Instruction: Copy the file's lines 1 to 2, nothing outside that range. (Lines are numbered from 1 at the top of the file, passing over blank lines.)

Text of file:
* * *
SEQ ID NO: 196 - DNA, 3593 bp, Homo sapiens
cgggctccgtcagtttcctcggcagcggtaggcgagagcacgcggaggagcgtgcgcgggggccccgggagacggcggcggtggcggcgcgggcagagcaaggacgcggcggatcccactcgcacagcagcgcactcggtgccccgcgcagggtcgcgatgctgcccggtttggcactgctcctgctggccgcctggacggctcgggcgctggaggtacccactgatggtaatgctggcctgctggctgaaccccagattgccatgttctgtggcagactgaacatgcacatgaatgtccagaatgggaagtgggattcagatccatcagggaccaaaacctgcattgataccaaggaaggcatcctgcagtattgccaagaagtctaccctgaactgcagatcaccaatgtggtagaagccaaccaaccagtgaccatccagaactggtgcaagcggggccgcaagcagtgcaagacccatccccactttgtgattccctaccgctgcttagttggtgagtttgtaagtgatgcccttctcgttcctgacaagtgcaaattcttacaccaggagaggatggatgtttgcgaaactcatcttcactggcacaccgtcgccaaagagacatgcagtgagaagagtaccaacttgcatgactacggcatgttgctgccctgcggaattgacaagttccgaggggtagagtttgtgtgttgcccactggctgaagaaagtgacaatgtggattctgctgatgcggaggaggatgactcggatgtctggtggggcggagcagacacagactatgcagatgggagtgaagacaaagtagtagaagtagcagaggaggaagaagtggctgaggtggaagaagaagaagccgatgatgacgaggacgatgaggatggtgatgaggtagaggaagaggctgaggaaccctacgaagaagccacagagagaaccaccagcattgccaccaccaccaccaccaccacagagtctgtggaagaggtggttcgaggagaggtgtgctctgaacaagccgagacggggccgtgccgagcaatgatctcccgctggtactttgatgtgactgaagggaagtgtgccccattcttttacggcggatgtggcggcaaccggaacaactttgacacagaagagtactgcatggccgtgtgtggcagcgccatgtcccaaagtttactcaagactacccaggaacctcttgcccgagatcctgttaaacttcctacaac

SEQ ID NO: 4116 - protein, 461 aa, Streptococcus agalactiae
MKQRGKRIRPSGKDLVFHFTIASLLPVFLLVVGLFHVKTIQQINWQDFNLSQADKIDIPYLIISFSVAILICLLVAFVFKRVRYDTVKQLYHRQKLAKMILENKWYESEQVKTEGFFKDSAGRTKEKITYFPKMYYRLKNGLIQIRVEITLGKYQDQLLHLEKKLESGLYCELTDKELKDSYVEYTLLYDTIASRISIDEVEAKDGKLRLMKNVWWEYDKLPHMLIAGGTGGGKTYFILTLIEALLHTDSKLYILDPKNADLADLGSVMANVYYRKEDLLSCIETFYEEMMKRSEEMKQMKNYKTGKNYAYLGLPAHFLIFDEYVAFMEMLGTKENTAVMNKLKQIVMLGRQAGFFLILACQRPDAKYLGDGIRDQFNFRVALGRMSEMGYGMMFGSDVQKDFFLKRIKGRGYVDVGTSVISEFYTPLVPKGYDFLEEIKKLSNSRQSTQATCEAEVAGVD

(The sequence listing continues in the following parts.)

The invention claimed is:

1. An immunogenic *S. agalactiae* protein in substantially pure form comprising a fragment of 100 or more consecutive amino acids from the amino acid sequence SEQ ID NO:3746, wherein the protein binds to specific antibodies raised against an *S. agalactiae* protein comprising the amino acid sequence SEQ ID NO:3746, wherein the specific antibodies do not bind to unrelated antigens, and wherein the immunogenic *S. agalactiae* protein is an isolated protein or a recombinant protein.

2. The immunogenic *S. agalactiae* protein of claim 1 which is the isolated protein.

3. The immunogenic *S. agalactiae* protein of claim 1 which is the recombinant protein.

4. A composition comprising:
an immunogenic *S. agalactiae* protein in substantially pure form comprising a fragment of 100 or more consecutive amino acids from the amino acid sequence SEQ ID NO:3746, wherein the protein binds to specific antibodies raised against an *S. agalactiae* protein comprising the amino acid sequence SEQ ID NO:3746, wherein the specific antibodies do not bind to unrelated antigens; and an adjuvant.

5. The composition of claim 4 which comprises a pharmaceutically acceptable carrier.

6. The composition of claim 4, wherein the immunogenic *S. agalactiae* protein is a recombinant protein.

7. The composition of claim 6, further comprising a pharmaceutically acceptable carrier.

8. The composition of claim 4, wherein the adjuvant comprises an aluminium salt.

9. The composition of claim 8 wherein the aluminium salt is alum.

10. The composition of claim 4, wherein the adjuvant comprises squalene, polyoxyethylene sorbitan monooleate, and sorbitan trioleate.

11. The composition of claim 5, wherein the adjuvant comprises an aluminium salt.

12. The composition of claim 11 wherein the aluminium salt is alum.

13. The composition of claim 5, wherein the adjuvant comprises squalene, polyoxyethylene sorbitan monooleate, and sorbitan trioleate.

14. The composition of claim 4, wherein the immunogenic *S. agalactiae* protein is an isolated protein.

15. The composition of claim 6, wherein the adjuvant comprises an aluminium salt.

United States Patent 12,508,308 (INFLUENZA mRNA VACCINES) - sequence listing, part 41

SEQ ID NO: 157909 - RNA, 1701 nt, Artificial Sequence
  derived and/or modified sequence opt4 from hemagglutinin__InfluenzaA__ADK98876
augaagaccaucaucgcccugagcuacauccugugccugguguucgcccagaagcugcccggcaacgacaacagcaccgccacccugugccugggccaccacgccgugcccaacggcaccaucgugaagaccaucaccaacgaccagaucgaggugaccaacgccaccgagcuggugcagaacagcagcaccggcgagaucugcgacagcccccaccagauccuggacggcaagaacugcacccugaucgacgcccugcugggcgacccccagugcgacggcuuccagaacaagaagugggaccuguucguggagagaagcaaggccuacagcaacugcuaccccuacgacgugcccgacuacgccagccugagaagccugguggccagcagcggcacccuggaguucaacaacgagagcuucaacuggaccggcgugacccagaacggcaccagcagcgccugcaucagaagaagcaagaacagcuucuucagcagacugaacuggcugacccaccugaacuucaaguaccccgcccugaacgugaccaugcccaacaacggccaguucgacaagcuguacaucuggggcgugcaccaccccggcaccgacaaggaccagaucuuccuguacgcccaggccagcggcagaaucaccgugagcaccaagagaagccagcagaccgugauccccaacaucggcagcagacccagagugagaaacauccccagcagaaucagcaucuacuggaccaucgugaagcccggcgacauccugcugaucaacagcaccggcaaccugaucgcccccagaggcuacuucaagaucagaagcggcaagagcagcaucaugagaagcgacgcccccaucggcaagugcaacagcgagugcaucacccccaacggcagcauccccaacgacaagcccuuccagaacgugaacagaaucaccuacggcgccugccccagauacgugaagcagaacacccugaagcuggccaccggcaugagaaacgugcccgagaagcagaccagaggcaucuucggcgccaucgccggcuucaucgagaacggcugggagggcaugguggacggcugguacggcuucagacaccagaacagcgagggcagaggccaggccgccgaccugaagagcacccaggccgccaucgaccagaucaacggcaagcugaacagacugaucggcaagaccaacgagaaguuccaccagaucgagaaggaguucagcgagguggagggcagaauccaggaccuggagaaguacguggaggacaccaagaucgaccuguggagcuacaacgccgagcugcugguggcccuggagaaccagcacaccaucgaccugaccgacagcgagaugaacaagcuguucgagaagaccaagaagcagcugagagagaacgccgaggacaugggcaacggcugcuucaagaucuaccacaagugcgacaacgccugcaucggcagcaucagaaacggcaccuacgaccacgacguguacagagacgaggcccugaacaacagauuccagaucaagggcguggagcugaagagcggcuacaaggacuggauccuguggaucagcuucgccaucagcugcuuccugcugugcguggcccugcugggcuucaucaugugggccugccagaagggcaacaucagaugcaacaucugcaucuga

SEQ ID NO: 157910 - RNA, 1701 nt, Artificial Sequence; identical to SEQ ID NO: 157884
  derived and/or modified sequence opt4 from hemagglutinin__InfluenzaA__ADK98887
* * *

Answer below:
SEQ ID NO: 196 - DNA, 3593 bp, Homo sapiens
cgggctccgtcagtttcctcggcagcggtaggcgagagcacgcggaggagcgtgcgcgggggccccgggagacggcggcggtggcggcgcgggcagagcaaggacgcggcggatcccactcgcacagcagcgcactcggtgccccgcgcagggtcgcgatgctgcccggtttggcactgctcctgctggccgcctggacggctcgggcgctggaggtacccactgatggtaatgctggcctgctggctgaaccccagattgccatgttctgtggcagactgaacatgcacatgaatgtccagaatgggaagtgggattcagatccatcagggaccaaaacctgcattgataccaaggaaggcatcctgcagtattgccaagaagtctaccctgaactgcagatcaccaatgtggtagaagccaaccaaccagtgaccatccagaactggtgcaagcggggccgcaagcagtgcaagacccatccccactttgtgattccctaccgctgcttagttggtgagtttgtaagtgatgcccttctcgttcctgacaagtgcaaattcttacaccaggagaggatggatgtttgcgaaactcatcttcactggcacaccgtcgccaaagagacatgcagtgagaagagtaccaacttgcatgactacggcatgttgctgccctgcggaattgacaagttccgaggggtagagtttgtgtgttgcccactggctgaagaaagtgacaatgtggattctgctgatgcggaggaggatgactcggatgtctggtggggcggagcagacacagactatgcagatgggagtgaagacaaagtagtagaagtagcagaggaggaagaagtggctgaggtggaagaagaagaagccgatgatgacgaggacgatgaggatggtgatgaggtagaggaagaggctgaggaaccctacgaagaagccacagagagaaccaccagcattgccaccaccaccaccaccaccacagagtctgtggaagaggtggttcgaggagaggtgtgctctgaacaagccgagacggggccgtgccgagcaatgatctcccgctggtactttgatgtgactgaagggaagtgtgccccattcttttacggcggatgtggcggcaaccggaacaactttgacacagaagagtactgcatggccgtgtgtggcagcgccatgtcccaaagtttactcaagactacccaggaacctcttgcccgagatcctgttaaacttcctacaac